(snotty nose) or conjunctivitis (runny eyes). Even in cats
that recover entirely, those that have been infected by FHV
are infected for life, becoming 'carriers' of the infection.
Cats that are carriers of FHV do not shed virus all the time
- it 'hides' in the cat and is only shed at times of stress.
Known stresses that can start a cat shedding virus include
re-homing, going to shows or catteries (including stud), having
kittens or lactating.
studies, carrier cats start to shed virus around one week
after the stress and shed the virus for up to 14 days after
that. Some cats do show mild signs of flu when they are shedding
virus, but many cats have no symptoms at all. It can be hard
to detect carrier cats, as they do not shed virus all the
time, and a negative swab cannot therefore be taken to mean
that the cat is clear. A positive swab on the other hand does
mean that the cat is infected. The virus cannot be eliminated
from carrier cats. As an infected queen will usually infect
successive litters of kittens, probably the best way to manage
cats known to be infected with FHV is to remove them from
the breeding population by neutering and re-homing.
Oral ulceration is common in feline calicivirus
are many strains of FCV, some of which appear to cause more
severe disease than others. In general, FCV usually causes
milder signs than FHV, often restricted to mild nasal discharge,
conjunctivitis and the development of ulcers in the mouth.
Even though these ulcers can be quite large, affected animals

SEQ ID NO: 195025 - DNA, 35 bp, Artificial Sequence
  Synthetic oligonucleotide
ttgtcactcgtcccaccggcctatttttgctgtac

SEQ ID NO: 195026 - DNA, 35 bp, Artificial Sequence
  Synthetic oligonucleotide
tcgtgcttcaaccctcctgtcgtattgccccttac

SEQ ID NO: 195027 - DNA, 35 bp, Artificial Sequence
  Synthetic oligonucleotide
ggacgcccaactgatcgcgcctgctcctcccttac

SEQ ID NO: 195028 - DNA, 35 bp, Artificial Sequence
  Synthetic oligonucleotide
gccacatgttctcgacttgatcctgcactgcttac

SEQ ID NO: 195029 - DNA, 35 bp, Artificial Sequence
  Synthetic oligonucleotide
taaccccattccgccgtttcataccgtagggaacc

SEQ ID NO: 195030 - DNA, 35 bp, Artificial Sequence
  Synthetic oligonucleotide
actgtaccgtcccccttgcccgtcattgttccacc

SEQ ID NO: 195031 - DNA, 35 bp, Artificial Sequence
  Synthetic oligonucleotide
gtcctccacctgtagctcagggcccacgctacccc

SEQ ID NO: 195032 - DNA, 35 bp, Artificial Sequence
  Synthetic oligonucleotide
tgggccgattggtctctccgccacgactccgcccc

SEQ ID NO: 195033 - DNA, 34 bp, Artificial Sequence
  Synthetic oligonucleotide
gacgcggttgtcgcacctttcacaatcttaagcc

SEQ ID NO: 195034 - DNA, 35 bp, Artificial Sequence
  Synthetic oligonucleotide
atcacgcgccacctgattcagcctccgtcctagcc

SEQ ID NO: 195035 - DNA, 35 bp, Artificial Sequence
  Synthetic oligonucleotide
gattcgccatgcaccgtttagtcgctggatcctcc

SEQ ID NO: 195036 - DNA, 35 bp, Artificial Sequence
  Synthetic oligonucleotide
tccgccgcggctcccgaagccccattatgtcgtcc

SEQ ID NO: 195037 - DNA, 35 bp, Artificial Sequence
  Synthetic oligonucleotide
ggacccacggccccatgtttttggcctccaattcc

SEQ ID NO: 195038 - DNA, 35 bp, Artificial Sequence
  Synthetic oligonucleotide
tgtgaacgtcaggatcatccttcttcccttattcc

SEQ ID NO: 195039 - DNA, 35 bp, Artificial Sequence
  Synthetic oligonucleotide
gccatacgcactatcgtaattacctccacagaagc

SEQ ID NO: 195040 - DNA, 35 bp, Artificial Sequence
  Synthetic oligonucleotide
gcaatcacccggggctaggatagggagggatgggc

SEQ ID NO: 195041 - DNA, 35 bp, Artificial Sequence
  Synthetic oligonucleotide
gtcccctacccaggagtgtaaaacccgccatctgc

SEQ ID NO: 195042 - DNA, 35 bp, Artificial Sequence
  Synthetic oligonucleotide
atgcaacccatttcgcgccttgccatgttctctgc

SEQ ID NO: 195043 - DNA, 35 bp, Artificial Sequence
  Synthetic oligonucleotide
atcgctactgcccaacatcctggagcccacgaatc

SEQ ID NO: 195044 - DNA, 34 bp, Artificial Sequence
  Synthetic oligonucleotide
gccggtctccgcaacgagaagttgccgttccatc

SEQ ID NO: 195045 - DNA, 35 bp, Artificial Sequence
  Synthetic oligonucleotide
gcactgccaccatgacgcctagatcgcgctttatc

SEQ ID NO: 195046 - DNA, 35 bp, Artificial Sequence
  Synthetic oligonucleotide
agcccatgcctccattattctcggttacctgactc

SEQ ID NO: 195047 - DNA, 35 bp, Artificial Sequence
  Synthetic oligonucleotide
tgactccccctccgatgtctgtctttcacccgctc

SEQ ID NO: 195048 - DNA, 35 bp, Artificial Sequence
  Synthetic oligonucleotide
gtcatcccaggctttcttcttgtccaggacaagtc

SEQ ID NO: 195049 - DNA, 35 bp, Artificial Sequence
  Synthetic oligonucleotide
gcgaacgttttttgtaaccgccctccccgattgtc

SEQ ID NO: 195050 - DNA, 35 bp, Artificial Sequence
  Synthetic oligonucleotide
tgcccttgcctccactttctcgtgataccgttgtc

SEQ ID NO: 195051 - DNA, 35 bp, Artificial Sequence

rarely have poor appetite and are usually still quite bright.
In some cases the breeder is not aware that the kittens are
ill. Though severe disease is less common than with FHV, FCV
can still leave the kitten open to bacterial infection and
antibiotics and nursing care are needed.
the virus causes a dramatically different disease, so called
'pyrexia and limping syndrome', where kittens suddenly become
lame on one or more legs and get a high temperature. Though
dramatically ill, kittens usually get better rapidly with
no treatment or with painkillers.
disease associated with FCV infection is gingivitis - inflammation
of the gums. Gingivitis is very common in the pedigree cat
population and many affected cats are found to be shedding
that have been infected with FCV also become carriers. However,
the carrier state for FCV is rather different to that for
FHV. In FCV, recovered cats shed the virus for a variable
length of time, but they do so continuously. Most cats shed
the virus for at least one month after infection, but by two
to three months approximately half of infected cats will have
stopped shedding. As time goes on, the majority of cats do
eventually eliminate FCV, though some cats shed the virus
for years. As shedding is continuous, it is easier to decide
if a cat is a carrier by looking for the virus. It is also
possible to trace a cat to see if/when it stops shedding virus
and may have eliminated the infection. However, because there
are many strains of FCV, it is possible for cats to be infected